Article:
San Francisco, Calif.-based engineering firm Hammett & Edison (H&E) has joined with the Sinclair Broadcast Group in its fight to win government-defined digital television tuner requirements that ensure reliable over-the-air reception of broadcasters' digital signals. Thus far the commission has not been receptive and, although a spokesman declined to comment, does not appear to be ready to act on the issue anytime soon.
KNTV tower atop Loma Prieta Mountain at the extreme south end of the San Francisco-Oakland-San Jose market.
Citing the lack of reception capability in much early-generation consumer equipment, last fall Sinclair filed comments with the FCC requesting the agency to mandate that electronics manufacturers include the improved circuitry necessary to achieve reliable reception of over-the-air DT signals in an effort to lower receiver costs. CE companies have resisted the request.
After conducting a series of reception field tests in January 2002 in San Francisco, Calif., and the northern San Francisco peninsula, H&E provided the Commission with a comprehensive engineering report last week, in support of the Sinclair Petition for Partial Reconsideration.
In the ruling, the FCC decided that beginning in 2004, large-screen TVs sold or imported into the U.S. must include a DTV tuner capable of receiving an over-the-air 8-VSB signal. This phased-in requirement will apply to TVs as small as 13 inches by 2007. However, the FCC declined to adopt any minimum performance requirements for the DTV tuner.
In November 2002, Sinclair filed a petition for partial reconsideration, asking the FCC to adopt minimum DTV tuner standards. The filing cites the All Channel Receiver Act (ACRA), which grants the Commission the authority to require TV receivers to be "capable of adequately receiving" all TV channels. Sinclair said in its communications that relying on the marketplace to ensure that DTV tuners provide adequate over-the-air reception would "jeopardize the digital transition and the future of free, over-the-air DTV."
The petition, which was signed by other independent broadcasters, including Pappas Broadcasting, also stated that "If the Commission does not act to protect the interests of those millions of viewers who cannot afford or simply do not wish to subscribe to cable or satellite, it is risking the disenfranchisement of a large segment of the American population."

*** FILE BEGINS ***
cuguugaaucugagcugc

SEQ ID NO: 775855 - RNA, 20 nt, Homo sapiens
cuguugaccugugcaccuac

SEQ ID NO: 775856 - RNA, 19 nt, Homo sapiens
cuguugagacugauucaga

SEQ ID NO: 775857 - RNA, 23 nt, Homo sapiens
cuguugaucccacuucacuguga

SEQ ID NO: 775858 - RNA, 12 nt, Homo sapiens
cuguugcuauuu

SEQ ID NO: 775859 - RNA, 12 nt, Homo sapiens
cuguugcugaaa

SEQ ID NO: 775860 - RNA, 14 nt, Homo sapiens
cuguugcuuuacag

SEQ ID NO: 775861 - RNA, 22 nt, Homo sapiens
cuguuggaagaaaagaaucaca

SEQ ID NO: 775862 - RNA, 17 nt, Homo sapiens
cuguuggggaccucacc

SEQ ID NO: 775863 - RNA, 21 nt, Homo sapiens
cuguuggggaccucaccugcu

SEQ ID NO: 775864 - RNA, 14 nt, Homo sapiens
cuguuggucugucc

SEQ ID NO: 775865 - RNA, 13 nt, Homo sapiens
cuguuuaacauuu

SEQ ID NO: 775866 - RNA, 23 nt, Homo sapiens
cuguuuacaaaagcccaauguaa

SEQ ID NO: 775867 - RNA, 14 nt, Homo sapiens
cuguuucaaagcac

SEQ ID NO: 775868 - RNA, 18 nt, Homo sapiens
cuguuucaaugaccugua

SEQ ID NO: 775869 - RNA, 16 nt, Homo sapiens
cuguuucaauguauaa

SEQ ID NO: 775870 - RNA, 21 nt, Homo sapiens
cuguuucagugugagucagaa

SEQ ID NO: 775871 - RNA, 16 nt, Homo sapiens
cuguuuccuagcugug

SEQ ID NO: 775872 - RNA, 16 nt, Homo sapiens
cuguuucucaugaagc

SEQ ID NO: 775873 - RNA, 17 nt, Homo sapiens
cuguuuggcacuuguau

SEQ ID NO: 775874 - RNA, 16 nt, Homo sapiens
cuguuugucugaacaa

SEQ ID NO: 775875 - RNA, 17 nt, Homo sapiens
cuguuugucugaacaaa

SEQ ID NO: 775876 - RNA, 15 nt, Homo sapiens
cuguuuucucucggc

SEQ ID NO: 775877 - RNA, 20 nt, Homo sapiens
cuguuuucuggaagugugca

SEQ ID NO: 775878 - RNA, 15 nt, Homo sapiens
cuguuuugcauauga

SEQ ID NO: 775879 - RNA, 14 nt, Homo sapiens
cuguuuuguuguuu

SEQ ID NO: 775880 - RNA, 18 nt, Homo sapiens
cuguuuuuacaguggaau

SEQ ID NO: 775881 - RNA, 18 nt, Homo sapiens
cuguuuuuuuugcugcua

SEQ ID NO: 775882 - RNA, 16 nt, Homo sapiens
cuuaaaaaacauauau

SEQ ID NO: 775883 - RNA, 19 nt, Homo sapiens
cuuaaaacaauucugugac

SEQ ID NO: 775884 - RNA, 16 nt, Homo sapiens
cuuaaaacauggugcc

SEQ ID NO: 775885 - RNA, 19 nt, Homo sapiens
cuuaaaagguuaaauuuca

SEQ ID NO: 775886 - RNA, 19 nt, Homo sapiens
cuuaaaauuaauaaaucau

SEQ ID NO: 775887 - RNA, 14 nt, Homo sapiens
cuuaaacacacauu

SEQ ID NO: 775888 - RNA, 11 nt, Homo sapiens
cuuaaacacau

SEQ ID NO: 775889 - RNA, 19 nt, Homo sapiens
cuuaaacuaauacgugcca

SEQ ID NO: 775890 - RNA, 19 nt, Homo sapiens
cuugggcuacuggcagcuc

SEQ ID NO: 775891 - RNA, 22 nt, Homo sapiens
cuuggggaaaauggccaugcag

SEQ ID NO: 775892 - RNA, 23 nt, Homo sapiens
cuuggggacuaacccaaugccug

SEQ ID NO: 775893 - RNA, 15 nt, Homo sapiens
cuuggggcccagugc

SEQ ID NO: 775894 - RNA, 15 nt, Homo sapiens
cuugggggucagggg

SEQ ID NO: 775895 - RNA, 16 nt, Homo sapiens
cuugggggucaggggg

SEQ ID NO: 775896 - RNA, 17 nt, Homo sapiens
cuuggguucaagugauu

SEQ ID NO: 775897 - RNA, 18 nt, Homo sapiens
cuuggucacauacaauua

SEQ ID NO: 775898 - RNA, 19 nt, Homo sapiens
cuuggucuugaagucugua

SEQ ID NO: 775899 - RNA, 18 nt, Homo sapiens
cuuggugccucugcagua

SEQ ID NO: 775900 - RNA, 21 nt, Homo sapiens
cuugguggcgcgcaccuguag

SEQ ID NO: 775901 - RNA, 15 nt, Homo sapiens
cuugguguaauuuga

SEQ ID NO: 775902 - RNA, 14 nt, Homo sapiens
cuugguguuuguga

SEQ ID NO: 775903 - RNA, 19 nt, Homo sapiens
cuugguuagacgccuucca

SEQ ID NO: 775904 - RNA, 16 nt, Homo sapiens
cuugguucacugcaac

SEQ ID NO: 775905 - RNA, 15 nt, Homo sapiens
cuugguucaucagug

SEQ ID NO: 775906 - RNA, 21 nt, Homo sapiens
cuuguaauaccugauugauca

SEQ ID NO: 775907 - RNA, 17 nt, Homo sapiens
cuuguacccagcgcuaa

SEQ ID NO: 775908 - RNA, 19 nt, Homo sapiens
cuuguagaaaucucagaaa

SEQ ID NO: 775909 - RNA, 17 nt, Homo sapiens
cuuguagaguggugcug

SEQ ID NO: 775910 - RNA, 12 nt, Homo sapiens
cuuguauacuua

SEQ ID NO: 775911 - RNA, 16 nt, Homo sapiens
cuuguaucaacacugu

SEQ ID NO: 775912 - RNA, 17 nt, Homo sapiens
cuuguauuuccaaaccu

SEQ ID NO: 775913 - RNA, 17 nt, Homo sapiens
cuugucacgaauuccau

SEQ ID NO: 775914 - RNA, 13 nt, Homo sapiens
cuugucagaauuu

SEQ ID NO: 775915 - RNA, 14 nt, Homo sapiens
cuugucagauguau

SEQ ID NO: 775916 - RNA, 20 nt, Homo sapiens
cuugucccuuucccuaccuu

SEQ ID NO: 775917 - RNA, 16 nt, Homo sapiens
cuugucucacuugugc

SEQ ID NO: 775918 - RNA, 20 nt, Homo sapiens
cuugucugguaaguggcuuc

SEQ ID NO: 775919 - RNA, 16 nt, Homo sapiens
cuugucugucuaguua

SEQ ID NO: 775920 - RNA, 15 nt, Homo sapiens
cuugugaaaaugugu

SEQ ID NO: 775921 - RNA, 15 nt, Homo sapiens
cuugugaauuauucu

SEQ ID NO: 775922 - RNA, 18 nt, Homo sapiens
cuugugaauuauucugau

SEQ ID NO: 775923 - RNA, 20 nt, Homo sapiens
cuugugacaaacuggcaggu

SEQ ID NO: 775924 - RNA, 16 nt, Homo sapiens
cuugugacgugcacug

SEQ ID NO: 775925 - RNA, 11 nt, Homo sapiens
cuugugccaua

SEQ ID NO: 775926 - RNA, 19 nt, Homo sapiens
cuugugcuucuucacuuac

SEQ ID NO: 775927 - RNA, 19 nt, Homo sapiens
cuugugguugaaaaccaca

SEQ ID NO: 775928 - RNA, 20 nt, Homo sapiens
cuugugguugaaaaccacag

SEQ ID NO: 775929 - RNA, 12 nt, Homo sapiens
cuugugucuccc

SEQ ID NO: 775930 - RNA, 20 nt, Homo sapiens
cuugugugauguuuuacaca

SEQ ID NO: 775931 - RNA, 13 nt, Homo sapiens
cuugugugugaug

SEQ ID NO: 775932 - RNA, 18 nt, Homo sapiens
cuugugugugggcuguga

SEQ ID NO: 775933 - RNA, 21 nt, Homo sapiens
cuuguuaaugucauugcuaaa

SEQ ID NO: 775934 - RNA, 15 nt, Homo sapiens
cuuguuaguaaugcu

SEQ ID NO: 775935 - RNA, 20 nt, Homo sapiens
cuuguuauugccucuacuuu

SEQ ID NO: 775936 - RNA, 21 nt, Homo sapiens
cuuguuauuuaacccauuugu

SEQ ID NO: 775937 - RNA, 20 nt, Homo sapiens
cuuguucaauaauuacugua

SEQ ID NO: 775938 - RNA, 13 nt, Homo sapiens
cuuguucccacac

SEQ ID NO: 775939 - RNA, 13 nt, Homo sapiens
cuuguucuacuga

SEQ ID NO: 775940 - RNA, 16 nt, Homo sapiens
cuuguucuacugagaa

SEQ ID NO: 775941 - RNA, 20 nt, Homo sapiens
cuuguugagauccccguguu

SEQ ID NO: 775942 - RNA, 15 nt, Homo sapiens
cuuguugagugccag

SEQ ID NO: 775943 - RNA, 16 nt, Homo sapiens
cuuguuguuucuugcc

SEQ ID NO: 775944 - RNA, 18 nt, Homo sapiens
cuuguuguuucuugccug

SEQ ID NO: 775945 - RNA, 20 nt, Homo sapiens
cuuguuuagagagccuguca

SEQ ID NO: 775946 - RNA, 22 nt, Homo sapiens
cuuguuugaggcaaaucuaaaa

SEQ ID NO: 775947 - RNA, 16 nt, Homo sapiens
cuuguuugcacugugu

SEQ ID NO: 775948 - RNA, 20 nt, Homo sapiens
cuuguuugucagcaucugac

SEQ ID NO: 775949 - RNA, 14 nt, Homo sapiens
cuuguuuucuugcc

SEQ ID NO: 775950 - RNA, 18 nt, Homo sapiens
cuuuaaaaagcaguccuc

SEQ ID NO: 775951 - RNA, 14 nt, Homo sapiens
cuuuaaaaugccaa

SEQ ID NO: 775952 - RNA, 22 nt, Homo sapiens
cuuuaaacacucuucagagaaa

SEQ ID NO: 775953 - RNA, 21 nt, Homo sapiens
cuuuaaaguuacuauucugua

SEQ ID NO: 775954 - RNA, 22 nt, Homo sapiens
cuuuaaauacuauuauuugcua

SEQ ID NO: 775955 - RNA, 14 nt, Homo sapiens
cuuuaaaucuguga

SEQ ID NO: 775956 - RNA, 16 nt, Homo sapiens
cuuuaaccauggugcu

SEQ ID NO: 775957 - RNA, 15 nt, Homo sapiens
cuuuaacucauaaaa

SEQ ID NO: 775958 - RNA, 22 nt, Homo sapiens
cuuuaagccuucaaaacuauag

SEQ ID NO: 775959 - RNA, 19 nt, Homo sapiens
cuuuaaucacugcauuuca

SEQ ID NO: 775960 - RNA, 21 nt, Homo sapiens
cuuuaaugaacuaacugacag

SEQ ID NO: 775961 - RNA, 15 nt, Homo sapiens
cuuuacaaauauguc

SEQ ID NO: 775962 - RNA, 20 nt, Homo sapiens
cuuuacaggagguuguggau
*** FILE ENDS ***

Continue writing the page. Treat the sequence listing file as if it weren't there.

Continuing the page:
H&E engineer Don Ericksen said the firm agreed with the Sinclair petition, but found it needed additional engineering documentation to make its case. H&E has filed its comments in support of the Sinclair petition, with documentation showing that minimum performance standards for DTV tuners are needed.
The company's measurements were made in northern California. Ericksen said his company found adequate DTV signal strength at two locations, but that a consumer-grade DTV receiver would not achieve signal lock on the measured DTV channel at some points, even though there was ample signal strength. H&E has determined that an improved DTV tuner could solve the observed interference problems.
"Our comments document that we were not able to achieve [channel] lock, due to brute force overload from FM stations and also from KQED-TV (NTSC Channel 9) three channels removed," he said. "We also documented an apparent case of image interference between KTVU-DT, [channel 56], transmitting from the Sutro Tower in San Francisco, and KKPX-DT [channel 41], transmitting from San Bruno Mountain, at Millbrae, Calif., on the San Francisco peninsula."
Ericksen said H&E's effects are designed to help move the DTV transition along by ensuring that consumers will be able to receive broadcasters' digital signals with an outdoor antenna. "Hammett & Edison took the time and effort to prepare and file these comments, which were not paid for by any client, because we think the DTV rollout will be affected if the current situation is not resolved," he said. "We cannot think of a worse ‘poison pill’ to the success of DTV than to allow bare-bones, marginally performing DTV tuners to be marketed; ones that only work in benign RF environments uncharacteristic of over-the-air, free TV signals."